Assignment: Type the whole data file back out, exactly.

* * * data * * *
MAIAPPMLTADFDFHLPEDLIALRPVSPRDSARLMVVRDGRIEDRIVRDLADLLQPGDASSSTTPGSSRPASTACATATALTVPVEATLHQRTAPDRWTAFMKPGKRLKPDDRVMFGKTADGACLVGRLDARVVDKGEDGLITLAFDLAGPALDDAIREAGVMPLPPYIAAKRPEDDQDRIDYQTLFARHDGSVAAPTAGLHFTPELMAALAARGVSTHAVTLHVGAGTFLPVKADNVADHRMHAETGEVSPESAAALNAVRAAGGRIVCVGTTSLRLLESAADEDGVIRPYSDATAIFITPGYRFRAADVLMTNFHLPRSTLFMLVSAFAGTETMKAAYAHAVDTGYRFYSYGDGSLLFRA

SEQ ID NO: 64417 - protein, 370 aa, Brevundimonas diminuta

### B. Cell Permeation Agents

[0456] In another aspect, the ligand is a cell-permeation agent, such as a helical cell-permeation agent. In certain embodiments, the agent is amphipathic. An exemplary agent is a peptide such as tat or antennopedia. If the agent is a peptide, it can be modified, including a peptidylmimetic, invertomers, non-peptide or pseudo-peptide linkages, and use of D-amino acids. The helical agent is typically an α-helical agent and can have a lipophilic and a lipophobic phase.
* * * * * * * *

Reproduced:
MAIAPPMLTADFDFHLPEDLIALRPVSPRDSARLMVVRDGRIEDRIVRDLADLLQPGDASSSTTPGSSRPASTACATATALTVPVEATLHQRTAPDRWTAFMKPGKRLKPDDRVMFGKTADGACLVGRLDARVVDKGEDGLITLAFDLAGPALDDAIREAGVMPLPPYIAAKRPEDDQDRIDYQTLFARHDGSVAAPTAGLHFTPELMAALAARGVSTHAVTLHVGAGTFLPVKADNVADHRMHAETGEVSPESAAALNAVRAAGGRIVCVGTTSLRLLESAADEDGVIRPYSDATAIFITPGYRFRAADVLMTNFHLPRSTLFMLVSAFAGTETMKAAYAHAVDTGYRFYSYGDGSLLFRA

SEQ ID NO: 64417 - protein, 370 aa, Brevundimonas diminuta

### B. Cell Permeation Agents

[0456] In another aspect, the ligand is a cell-permeation agent, such as a helical cell-permeation agent. In certain embodiments, the agent is amphipathic. An exemplary agent is a peptide such as tat or antennopedia. If the agent is a peptide, it can be modified, including a peptidylmimetic, invertomers, non-peptide or pseudo-peptide linkages, and use of D-amino acids. The helical agent is typically an α-helical agent and can have a lipophilic and a lipophobic phase.